Asia markets, including China and India, have seen growing interest from global investors and venture capital firms in recent years. Despite the volatility of the macroeconomic and geopolitical environment, the number of VC deals in the continent still booked robust growth in the third quarter.
Private equity firms that hoped to exit their investments through initial share sales are forced to defer their plans as volatility continues to rock India's stock markets.
Recent unstable market conditions have proved supportive for hedge funds, in relative terms, with liquid hedge fund benchmarks were down 1 percent in March, and distressed and special situations strategies underperforming.
Some big-name hedge funds are suffering losses even after getting what many in the industry have been asking for: more volatility. February was marked by a massive market selloff early in the month, a change from the years of calm that some managers blamed for lackluster performance.
For many, the roller coaster ride can be nerve-wracking and lead to the common trap of buying high on market confidence and selling low on market fears to prevent further losses. That's a bad idea, according to Bridgewater Associates founder Ray Dalio. Here's why.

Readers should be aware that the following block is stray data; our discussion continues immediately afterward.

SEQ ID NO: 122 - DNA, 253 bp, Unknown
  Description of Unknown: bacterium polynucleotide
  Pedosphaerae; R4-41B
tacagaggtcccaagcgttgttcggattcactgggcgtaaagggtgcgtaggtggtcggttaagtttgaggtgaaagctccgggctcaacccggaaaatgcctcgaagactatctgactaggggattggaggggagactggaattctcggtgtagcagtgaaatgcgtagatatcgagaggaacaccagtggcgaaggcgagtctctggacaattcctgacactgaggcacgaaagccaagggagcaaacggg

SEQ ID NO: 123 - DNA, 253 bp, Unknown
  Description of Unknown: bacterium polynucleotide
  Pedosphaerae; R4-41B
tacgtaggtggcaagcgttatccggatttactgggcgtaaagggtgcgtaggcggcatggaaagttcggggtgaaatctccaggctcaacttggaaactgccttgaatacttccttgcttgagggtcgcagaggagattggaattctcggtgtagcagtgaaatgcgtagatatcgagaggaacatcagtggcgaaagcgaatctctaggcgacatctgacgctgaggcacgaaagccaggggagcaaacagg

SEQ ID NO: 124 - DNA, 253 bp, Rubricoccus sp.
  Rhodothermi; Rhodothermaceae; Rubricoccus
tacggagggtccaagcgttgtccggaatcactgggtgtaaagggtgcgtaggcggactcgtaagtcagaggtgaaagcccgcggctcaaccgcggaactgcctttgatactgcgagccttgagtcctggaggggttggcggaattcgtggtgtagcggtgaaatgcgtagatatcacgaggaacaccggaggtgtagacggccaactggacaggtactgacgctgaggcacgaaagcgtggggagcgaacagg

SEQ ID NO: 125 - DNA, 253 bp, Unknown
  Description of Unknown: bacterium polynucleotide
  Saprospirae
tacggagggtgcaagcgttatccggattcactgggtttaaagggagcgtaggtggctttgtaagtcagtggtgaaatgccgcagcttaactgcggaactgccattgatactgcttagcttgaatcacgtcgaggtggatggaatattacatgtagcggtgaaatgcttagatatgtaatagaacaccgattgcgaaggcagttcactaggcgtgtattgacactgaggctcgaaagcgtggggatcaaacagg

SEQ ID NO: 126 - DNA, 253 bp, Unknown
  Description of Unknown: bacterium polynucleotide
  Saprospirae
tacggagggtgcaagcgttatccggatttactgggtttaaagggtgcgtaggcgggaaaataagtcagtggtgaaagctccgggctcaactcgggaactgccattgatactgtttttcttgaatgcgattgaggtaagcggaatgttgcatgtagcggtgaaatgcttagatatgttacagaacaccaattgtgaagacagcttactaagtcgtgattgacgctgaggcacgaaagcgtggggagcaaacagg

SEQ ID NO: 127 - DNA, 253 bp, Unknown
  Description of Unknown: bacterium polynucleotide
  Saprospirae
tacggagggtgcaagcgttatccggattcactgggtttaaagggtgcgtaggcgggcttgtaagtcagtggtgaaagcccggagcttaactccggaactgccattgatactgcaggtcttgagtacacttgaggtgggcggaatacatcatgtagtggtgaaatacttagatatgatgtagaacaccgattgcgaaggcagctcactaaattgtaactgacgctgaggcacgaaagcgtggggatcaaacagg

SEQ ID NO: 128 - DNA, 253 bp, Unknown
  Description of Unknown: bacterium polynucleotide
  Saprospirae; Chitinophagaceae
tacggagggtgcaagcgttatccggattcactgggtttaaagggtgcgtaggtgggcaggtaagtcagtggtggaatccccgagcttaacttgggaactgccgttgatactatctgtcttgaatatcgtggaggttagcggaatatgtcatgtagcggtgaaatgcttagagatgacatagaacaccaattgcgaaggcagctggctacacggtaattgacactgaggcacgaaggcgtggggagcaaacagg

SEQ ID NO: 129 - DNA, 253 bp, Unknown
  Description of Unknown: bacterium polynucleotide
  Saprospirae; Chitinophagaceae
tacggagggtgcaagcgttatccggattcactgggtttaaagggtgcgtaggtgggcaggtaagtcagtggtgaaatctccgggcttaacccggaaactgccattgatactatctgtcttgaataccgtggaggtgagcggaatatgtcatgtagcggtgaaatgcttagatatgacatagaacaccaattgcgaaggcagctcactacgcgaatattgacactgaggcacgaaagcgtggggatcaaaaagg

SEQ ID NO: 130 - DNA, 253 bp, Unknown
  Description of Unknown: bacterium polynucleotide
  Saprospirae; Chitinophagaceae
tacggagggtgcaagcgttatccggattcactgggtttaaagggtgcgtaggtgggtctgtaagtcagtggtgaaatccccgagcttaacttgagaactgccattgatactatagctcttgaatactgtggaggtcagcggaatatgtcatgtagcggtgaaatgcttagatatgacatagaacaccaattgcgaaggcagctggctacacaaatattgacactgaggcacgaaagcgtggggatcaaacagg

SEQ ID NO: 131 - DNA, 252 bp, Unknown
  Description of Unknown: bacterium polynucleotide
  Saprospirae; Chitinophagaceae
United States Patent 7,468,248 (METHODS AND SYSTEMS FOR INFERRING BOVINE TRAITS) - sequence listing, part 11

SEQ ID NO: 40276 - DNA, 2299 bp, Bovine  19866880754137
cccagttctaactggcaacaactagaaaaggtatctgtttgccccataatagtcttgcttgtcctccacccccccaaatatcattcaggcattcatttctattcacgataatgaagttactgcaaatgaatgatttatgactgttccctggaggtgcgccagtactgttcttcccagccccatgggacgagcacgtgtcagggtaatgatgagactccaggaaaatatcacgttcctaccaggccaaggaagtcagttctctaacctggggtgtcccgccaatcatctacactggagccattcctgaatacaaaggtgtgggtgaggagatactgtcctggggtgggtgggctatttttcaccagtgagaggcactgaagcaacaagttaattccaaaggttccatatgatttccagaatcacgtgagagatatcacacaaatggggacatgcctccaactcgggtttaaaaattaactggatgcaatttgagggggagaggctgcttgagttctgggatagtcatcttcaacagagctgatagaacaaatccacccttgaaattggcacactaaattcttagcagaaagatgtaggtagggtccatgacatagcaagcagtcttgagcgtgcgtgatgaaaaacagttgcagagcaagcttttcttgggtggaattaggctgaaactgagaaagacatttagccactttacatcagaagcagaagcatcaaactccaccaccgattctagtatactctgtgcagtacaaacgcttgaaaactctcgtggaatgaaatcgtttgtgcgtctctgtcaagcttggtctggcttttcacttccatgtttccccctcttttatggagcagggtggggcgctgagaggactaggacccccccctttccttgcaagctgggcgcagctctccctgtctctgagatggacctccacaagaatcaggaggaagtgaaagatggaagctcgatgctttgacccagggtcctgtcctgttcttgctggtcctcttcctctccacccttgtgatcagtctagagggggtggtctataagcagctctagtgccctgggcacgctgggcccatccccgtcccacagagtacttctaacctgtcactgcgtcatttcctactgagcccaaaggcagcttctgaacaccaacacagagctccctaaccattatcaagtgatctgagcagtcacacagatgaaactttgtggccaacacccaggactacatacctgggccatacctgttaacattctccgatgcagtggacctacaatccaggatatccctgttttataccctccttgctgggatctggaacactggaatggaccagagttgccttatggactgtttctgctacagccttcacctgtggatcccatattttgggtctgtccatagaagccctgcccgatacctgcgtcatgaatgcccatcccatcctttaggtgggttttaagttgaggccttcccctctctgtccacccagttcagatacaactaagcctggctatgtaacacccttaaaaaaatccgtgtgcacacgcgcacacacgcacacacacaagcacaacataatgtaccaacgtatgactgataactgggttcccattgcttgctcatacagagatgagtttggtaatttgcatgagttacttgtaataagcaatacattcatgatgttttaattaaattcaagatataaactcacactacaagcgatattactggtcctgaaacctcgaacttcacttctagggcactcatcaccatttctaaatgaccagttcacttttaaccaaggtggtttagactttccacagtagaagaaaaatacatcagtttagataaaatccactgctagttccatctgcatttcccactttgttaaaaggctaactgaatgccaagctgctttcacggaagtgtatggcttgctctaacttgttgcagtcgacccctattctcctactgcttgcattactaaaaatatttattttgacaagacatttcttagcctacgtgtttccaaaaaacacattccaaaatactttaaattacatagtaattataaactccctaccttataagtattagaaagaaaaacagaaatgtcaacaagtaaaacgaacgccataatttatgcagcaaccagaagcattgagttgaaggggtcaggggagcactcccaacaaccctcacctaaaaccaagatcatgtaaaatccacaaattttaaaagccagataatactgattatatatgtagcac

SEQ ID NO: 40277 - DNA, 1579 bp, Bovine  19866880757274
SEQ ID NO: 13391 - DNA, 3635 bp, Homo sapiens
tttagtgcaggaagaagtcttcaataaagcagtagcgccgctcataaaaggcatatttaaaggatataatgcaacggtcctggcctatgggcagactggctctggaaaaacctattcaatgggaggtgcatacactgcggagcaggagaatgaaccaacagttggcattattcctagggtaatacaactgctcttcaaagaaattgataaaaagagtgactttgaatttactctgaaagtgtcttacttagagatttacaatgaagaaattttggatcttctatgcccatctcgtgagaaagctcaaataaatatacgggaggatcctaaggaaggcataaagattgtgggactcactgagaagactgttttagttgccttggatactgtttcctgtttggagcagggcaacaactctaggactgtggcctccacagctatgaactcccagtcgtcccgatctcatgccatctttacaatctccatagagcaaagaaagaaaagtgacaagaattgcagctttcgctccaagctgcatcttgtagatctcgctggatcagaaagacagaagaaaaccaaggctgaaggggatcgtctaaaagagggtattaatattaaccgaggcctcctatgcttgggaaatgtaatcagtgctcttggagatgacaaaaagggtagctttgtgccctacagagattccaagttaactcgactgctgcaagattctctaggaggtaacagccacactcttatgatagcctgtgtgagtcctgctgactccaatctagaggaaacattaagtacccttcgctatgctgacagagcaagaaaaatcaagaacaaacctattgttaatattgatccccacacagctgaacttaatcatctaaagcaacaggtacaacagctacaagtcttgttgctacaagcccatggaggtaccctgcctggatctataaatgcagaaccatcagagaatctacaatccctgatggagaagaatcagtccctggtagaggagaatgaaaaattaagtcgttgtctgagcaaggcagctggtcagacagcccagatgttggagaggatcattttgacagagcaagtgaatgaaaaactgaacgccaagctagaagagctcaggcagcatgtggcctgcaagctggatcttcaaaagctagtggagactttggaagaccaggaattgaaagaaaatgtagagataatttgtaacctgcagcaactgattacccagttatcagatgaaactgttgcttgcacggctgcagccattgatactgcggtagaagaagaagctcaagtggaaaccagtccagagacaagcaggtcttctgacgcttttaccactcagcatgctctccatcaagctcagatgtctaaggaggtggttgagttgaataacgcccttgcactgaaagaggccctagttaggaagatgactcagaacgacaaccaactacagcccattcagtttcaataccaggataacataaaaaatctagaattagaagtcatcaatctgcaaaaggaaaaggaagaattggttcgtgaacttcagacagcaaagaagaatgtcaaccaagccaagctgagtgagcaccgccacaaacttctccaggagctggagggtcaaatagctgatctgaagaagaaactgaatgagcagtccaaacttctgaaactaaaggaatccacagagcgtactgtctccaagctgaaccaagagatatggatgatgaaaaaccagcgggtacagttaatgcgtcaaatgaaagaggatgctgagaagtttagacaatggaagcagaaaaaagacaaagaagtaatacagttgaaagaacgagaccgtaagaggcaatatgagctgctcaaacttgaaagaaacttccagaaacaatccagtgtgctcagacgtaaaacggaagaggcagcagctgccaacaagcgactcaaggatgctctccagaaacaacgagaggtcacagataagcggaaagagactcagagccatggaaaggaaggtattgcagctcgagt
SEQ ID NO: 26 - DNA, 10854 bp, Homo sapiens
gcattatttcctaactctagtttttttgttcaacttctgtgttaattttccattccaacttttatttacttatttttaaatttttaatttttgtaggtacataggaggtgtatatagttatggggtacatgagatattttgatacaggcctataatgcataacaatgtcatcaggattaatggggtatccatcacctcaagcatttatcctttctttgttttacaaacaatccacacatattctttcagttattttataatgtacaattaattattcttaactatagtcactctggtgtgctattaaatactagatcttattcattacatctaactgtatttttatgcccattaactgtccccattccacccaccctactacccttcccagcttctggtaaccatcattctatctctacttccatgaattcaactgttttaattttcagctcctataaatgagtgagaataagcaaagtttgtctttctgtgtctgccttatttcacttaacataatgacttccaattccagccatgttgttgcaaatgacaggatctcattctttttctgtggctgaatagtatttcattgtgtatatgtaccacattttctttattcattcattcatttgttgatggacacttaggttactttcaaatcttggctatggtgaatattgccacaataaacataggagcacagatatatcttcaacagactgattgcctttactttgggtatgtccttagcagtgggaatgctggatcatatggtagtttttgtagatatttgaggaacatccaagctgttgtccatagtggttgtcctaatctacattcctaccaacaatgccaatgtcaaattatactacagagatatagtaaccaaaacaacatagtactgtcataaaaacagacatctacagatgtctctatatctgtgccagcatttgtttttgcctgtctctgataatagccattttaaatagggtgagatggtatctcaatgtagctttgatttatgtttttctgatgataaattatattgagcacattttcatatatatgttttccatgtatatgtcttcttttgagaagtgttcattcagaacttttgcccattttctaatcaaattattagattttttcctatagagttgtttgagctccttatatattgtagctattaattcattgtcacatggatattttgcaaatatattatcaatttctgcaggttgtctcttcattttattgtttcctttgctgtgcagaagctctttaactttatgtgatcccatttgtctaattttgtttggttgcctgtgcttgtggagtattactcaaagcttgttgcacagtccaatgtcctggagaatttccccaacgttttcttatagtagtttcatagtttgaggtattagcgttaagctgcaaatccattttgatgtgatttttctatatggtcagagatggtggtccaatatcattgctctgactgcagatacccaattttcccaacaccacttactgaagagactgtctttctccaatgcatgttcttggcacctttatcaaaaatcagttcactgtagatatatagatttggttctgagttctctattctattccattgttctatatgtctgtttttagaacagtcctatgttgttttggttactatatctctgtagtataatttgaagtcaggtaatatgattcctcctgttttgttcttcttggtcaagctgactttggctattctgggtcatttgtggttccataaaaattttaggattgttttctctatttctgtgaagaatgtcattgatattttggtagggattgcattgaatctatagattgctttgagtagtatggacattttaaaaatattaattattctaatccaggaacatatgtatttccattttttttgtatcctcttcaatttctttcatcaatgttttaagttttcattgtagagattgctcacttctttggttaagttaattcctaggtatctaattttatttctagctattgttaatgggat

While data scientists, software developers and financial engineers are busy at work on more complex algorithmic trading platforms to better predict, and optimize, this volatility, they may be looking in the wrong place.
A pick up in currency market volatility over the last few days after years of suppression by central banks' easy-money policies has prompted some investors to look again at protecting against, or profiting from, sharp moves.
Darrell Cronk, president & chief investment officer at Wells Fargo Investment Institute, shares his thoughts on the 2018 markets. He also discusses why the hedge fund community will experience a better year in 2018.
Sir John Templeton, the pioneer in global mutual funds, once said “the four most costly words in the annals of investing” are “this time is different.” That should resonate with monetary policy makers and institutional investors grappling with the causes, impacts and risks of the lowest market volatility, by far, in the era of modern finance.
Denmark's largest private pension fund isn't that interested in politics anymore. Allan Polack, chief executive officer of PFA, argues that lawmakers and political leaders are out of touch and that globalization has made their decisions less relevant to the business community.